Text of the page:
Spanish police find migrants in perilous conditions

People trying to get to Europe from Africa found in container full of sharp, broken glass, as well as plastic bag with ash

Alyssa McMurtry   | 22.02.2021
Spanish police find migrants in perilous conditions File Photo

OVIEDO, Spain 

Spanish police said Monday that they had discovered migrants in Spain’s African port of Melilla hiding in extremely dangerous conditions in a bid to reach mainland Europe.

The police first found 35 people hidden amid trucks, semis, and trash containers just before they were about to embark on a seven-hour journey to mainland Spain on Friday.

During a second sweep, police discovered more people in potentially life-threatening situations.

Four people were found in a container full of sharp, broken glass that was being sent away to recycle.

Another man was found in a sealed plastic bag that was full of fly ash, which can cause serious lung disease when inhaled and is a known carcinogen.

“The police officer who carried out the first rescue saw a motionless human leg, which made him extremely emotional, calling for urgent help from an ambulance thinking that the person had died. Fortunately, after being dug out of the ash, the man regained consciousness and his life was saved,” said a police statement.

Police called it a "rescue," but video footage shows the man covered in ash looking highly agitated when being removed from the bag.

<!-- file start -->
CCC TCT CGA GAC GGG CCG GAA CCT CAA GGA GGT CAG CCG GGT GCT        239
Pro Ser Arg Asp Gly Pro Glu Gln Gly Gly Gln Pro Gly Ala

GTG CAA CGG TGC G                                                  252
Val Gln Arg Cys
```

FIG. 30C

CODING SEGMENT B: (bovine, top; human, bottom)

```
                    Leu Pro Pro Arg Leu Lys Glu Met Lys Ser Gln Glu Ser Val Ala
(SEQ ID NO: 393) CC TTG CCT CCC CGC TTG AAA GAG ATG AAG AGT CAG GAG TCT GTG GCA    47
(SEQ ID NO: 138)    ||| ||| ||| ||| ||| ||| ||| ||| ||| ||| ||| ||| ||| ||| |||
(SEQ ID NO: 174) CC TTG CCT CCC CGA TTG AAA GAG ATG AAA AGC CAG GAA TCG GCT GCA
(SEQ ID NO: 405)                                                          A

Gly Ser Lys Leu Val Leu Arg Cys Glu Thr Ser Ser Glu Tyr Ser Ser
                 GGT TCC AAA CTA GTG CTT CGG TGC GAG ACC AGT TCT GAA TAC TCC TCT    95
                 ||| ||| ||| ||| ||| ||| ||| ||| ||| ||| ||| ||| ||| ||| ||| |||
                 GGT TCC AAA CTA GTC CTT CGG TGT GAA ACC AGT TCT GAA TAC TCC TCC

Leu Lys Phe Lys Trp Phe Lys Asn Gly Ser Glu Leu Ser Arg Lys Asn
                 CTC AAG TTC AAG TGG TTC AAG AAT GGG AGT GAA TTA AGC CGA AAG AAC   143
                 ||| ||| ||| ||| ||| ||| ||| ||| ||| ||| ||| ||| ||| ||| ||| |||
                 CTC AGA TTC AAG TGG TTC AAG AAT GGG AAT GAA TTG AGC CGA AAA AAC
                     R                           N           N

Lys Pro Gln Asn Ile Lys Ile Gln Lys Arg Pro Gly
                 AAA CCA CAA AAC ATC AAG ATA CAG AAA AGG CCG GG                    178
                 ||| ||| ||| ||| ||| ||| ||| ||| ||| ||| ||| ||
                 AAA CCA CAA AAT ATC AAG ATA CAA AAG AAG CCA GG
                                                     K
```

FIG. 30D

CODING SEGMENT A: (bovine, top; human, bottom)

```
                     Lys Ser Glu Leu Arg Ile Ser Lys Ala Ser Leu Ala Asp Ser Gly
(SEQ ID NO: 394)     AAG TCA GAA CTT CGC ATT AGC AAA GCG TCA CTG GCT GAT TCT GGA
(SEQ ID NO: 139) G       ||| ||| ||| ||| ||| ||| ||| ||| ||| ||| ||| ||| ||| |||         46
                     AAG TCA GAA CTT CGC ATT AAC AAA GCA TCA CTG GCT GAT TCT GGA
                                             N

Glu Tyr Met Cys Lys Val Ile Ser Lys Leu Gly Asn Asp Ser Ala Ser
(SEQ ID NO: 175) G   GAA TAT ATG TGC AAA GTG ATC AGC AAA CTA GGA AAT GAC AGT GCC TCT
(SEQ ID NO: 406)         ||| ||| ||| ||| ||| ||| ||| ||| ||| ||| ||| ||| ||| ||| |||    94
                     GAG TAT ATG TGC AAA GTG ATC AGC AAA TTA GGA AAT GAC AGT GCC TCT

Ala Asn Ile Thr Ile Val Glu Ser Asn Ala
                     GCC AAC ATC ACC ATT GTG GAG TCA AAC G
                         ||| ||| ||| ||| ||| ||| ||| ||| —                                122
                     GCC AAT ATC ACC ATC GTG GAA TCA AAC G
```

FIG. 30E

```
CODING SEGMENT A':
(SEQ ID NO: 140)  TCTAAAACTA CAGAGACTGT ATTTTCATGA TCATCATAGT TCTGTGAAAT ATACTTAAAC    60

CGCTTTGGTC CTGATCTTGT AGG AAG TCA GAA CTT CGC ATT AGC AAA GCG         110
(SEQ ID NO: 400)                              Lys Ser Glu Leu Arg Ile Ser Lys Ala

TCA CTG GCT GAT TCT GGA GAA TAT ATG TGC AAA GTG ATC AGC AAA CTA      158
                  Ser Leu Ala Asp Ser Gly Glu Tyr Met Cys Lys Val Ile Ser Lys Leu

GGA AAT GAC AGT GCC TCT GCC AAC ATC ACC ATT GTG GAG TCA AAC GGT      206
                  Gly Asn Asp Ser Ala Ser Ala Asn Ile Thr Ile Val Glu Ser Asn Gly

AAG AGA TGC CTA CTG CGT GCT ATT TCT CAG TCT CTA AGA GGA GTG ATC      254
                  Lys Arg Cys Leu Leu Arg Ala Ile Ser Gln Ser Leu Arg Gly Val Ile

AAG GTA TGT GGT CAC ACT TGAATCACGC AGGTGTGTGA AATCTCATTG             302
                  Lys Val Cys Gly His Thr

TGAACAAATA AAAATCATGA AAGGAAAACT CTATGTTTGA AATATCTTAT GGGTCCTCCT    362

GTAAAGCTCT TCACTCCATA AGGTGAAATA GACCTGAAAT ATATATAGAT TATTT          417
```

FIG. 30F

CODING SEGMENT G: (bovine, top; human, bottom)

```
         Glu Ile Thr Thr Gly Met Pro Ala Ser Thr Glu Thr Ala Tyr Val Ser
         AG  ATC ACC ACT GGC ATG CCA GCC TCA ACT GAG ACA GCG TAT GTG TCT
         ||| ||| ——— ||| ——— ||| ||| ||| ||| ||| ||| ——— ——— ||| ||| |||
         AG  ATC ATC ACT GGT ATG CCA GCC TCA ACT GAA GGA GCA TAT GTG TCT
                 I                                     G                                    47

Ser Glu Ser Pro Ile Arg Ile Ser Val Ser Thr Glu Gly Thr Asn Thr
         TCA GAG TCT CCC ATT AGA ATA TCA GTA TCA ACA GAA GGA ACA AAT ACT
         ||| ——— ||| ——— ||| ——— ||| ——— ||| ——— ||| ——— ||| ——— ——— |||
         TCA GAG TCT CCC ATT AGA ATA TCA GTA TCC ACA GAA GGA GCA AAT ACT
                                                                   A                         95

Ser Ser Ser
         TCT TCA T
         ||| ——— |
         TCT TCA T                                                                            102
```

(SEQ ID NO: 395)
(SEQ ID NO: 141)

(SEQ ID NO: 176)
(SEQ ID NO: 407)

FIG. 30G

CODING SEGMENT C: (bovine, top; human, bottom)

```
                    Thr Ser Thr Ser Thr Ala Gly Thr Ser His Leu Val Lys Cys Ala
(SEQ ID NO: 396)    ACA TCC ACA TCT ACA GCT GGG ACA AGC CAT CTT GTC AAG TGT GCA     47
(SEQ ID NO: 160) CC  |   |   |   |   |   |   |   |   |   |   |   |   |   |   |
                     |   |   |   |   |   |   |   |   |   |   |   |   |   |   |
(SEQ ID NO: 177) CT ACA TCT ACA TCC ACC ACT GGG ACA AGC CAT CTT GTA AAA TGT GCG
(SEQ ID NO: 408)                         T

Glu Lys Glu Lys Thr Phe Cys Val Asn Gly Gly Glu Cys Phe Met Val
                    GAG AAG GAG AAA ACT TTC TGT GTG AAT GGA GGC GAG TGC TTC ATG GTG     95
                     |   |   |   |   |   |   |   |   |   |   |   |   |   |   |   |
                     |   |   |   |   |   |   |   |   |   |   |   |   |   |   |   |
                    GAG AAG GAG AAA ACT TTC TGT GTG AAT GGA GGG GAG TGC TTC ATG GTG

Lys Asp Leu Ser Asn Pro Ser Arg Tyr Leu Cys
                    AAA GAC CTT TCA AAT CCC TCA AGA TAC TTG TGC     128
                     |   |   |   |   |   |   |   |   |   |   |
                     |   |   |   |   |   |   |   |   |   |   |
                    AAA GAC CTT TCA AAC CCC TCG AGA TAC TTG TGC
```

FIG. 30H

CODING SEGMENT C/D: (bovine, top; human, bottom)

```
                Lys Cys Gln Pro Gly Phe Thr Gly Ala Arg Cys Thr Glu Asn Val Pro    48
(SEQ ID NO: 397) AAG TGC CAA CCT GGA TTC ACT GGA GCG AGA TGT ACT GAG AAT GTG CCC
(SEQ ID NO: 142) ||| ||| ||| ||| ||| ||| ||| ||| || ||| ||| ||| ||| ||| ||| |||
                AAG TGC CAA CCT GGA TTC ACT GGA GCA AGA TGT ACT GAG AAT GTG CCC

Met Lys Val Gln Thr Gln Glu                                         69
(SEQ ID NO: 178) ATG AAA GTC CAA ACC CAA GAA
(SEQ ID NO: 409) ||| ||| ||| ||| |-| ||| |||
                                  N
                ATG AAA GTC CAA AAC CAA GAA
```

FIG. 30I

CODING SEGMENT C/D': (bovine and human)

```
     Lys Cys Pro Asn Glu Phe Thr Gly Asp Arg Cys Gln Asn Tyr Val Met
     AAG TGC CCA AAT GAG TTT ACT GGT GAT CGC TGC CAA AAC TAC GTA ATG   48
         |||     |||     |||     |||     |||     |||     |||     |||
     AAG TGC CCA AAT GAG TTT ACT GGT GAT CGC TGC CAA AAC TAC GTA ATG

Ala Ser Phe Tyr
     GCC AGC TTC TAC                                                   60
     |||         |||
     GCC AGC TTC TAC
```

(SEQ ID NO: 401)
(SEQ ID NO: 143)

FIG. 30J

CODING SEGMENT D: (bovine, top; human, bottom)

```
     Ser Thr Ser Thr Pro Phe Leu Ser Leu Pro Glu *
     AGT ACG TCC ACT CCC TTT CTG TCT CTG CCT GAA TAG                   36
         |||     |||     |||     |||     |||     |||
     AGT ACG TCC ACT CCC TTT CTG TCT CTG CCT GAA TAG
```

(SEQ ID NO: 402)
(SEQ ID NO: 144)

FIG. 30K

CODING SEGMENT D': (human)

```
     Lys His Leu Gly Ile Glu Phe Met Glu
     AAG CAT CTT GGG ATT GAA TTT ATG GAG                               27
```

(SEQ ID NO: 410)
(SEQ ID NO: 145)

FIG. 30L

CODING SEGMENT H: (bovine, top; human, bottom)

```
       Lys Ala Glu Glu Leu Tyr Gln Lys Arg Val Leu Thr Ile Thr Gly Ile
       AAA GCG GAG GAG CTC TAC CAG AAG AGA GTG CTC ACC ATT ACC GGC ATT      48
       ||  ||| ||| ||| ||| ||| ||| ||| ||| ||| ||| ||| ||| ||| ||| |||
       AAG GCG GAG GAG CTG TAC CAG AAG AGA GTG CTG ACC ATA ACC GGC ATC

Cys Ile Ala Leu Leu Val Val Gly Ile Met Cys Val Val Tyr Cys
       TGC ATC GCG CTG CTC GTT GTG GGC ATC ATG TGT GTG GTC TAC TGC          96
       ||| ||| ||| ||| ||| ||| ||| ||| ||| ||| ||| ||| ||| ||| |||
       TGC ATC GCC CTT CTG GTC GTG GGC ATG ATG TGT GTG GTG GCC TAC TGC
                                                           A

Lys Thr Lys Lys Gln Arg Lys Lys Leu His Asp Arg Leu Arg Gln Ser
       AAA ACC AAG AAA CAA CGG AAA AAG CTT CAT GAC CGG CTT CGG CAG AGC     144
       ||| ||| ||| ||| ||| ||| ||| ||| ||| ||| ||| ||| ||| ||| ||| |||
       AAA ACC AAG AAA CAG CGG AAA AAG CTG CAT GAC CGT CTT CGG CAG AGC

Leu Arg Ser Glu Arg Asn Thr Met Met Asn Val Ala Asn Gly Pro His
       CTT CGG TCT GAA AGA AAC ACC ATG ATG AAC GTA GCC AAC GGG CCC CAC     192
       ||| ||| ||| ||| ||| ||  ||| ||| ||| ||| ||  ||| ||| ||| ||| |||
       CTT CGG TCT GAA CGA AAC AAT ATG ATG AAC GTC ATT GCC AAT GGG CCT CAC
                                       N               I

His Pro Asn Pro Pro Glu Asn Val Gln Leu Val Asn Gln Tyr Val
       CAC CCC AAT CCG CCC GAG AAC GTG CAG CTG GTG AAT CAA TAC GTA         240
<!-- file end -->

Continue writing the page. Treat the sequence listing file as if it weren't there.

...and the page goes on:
Africa to Europe

So far this year, Spanish police have found 1,781 people in the Port of Melilla hoping to catch a ride from the African continent to Europe. In 2020, the number was 11,669.

There are a variety of ways for people to enter the secure area, say Spanish police, including swimming, hiding in cargo, or sneaking onto moving vehicles and clinging to the undercarriage – an activity known as "risky."

The police statement did not provide more details on the fate of those who were "rescued."

Last year, more than 40,000 refugees and migrants were discovered entering Spain by sea, whereas just over 1,500 entered via Europe’s only land borders with Africa around the Spanish enclaves of Ceuta and Melilla.

Not only are those land borders enclosed with massive fences, but Spain practices express deportations on the vast majority of those who manage to cross those borders illegally.

More than half of all those found arriving irregularly in Spain last year took a dangerous boat journey to the Canary Islands, an Atlantic archipelago off the coast of North Africa.

The UN says 809 people died while trying to reach Spain last year – up 18% from 2019.

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